Research and Development Initiatives Focused on Preventing, Detecting, and Responding to Insider Misuse of Critical Defense Information Systems

by Robert H. Anderson

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Abstract

It is widely acknowledged that "insider misuse" is one of the major threats to (and obstacles to achieving) defense information system security. To combat such misuse, the Office of the Assistant Secretary of Defense (Command, Control, Communications, and Information) has requested that workshops be conducted to develop recommendations on mitigating insider threats and reducing information system vulnerabilities. These conference proceedings report on one such workshop, which included input from military officials, researchers, and industry participants. The workshop's main purpose was to propose technical research initiatives regarding how to identify threats and vulnerabilities, how to prevent such threats through security controls, how to detect that misuse has occurred, and how best to respond to such misuse. The workshop participants also identified the need for policies and procedures including (1) a clear definition of "insider," (2) guidance from legal and law enforcement communities regarding the attribution, collection, maintenance, processing, and storage of data to permit proper forensic analysis and trails that lead to appropriate legal prosecution, (3) cost/benefit analyses that will help determine the true value of new security procedures, (4) technology transfer plans, and (5) support for multiple, diverse, concurrent security approaches.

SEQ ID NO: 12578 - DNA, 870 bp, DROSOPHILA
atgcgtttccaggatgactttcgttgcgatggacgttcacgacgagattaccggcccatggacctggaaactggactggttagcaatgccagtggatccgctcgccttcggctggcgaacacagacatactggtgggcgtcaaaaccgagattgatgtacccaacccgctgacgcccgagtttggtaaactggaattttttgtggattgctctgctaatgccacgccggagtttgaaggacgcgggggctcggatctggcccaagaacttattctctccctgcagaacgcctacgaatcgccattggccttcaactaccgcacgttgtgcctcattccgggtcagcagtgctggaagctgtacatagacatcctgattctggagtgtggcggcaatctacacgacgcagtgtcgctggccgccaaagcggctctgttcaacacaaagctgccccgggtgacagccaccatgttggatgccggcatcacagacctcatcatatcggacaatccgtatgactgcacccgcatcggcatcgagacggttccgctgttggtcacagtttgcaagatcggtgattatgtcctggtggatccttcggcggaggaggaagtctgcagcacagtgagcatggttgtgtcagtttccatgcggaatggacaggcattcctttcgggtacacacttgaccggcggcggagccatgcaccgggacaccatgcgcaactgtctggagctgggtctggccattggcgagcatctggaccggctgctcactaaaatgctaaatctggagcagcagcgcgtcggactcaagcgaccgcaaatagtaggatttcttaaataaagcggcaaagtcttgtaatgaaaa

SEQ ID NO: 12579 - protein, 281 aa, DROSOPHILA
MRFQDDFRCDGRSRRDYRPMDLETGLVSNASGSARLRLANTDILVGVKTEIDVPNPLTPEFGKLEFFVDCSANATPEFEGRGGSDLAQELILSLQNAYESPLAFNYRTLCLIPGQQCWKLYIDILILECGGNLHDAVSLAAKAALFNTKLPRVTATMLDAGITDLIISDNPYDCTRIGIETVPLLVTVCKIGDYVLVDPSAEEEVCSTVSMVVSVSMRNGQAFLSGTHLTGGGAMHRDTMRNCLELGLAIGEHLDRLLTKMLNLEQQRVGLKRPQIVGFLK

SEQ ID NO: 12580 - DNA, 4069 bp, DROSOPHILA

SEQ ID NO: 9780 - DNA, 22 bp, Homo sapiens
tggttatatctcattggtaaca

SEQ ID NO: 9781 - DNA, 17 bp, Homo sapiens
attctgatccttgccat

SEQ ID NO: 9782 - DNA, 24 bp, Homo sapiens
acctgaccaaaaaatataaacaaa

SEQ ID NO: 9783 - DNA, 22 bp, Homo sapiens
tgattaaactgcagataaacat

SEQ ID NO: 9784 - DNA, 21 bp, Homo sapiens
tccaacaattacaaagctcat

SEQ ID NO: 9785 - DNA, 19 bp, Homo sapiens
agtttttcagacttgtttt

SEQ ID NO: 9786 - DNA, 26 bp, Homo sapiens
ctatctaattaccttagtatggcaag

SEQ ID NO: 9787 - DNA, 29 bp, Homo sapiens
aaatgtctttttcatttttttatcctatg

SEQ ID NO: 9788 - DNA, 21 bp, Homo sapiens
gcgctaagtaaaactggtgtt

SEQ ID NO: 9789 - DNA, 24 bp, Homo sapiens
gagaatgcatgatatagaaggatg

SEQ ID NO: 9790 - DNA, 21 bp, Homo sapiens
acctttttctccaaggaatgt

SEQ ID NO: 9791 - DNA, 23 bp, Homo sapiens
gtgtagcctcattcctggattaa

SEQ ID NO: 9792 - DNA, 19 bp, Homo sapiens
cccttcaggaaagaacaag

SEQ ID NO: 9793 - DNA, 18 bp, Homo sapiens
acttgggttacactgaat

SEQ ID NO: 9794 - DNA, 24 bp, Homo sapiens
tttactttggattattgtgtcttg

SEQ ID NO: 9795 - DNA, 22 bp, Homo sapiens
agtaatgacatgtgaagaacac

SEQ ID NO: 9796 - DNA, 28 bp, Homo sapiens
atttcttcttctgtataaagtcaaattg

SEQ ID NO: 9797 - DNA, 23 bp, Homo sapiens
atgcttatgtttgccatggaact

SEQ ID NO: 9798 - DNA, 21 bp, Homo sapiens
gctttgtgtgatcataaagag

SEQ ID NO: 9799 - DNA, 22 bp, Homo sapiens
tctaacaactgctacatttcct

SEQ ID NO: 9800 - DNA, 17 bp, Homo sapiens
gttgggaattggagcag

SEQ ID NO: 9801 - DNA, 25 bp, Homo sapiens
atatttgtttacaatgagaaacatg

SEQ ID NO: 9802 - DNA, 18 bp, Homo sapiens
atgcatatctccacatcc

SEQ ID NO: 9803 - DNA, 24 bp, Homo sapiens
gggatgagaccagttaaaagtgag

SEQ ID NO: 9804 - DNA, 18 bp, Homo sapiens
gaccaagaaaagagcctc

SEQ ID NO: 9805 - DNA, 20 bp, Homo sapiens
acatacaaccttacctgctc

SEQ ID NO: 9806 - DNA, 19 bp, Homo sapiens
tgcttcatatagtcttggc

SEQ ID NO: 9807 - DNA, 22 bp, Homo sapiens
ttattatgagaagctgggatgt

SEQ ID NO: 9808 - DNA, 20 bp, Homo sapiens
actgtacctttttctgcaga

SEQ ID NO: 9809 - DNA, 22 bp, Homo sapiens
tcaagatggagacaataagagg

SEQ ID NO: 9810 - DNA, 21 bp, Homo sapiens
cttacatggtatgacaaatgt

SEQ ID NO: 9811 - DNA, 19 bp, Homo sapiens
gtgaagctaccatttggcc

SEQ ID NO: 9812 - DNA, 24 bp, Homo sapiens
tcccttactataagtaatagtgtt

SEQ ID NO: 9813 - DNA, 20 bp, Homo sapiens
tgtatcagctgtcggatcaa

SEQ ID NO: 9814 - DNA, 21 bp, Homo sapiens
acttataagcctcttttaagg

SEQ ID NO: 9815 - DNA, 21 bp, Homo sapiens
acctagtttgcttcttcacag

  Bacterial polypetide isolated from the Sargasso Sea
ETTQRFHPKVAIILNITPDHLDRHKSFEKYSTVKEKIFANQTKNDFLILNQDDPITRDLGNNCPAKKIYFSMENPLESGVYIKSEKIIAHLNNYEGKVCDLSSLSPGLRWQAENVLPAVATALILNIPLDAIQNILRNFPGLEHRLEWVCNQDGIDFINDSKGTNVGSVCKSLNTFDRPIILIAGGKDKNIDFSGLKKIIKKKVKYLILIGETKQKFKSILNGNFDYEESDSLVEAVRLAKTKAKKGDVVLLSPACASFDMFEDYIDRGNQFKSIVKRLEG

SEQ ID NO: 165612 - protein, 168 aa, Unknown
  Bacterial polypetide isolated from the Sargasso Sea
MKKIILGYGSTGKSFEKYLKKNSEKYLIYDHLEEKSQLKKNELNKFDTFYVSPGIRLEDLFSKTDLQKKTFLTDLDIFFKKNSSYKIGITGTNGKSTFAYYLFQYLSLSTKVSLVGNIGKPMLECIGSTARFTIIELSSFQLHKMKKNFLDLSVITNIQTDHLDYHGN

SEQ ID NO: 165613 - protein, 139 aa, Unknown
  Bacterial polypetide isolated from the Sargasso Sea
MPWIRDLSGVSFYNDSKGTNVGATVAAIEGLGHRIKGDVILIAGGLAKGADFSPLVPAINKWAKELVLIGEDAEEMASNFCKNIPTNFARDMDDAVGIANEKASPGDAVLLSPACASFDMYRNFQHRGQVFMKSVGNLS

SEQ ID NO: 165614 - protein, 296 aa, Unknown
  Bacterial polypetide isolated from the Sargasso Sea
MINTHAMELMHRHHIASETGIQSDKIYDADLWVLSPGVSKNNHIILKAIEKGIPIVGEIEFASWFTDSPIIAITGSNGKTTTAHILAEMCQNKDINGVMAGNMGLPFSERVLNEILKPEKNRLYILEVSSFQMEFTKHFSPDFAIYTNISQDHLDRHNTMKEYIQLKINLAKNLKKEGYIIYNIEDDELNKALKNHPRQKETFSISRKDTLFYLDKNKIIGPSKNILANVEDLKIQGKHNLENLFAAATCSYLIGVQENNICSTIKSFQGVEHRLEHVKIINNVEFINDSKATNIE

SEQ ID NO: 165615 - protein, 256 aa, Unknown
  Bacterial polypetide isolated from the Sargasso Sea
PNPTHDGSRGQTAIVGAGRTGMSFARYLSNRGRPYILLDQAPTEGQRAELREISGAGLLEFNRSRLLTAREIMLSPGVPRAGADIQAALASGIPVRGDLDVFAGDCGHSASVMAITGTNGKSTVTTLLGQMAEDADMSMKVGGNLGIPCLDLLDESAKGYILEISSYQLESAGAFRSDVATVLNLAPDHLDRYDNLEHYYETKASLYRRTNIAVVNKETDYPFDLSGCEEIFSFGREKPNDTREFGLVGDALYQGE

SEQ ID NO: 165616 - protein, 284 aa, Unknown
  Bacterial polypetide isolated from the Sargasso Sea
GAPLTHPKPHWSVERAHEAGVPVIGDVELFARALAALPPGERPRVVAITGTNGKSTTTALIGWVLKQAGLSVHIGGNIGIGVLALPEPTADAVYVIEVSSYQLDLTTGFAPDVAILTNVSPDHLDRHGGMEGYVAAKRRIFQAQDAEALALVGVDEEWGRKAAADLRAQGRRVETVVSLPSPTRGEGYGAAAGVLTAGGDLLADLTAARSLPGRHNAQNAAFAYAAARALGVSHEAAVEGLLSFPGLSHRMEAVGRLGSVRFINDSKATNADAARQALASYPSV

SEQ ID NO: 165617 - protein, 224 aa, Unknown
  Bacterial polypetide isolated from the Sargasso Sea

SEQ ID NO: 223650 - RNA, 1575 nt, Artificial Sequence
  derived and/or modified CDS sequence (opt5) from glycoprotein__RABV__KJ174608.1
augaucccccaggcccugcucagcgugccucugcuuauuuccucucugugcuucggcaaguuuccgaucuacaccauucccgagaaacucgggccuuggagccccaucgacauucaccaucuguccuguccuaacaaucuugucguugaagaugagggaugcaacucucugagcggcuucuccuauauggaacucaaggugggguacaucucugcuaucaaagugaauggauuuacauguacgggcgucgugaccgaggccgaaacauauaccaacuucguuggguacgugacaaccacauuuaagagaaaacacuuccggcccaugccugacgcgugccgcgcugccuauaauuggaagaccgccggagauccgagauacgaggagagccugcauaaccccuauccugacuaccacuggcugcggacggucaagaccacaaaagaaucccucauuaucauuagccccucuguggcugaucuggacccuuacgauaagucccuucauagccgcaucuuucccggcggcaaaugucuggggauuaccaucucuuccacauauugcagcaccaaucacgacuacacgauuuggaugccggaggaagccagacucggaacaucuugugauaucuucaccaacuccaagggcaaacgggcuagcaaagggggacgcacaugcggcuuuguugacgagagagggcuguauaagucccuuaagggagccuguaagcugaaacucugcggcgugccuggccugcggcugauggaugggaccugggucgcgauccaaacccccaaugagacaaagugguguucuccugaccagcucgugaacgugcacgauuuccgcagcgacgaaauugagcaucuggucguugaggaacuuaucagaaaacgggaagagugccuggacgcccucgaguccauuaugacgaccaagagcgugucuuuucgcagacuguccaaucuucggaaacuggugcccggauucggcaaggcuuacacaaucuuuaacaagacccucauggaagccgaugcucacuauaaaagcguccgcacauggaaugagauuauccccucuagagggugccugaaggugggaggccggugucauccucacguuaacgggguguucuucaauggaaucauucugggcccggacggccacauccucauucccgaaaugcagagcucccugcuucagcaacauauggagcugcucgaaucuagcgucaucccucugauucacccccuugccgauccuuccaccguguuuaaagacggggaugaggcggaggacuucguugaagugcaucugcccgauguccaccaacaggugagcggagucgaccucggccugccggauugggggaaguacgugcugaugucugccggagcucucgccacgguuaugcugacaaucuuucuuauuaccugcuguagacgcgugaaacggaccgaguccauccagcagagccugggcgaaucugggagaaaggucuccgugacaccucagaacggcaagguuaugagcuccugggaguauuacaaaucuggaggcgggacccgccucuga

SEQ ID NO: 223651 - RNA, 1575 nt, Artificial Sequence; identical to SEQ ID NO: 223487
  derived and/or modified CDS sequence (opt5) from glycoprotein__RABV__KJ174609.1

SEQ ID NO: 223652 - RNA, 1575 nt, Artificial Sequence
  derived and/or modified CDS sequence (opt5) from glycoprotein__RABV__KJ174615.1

This workshop was cosponsored by RAND's National Security Research Division.

This report is part of the RAND Corporation conference proceeding series. RAND conference proceedings present a collection of papers delivered at a conference or a summary of the conference.

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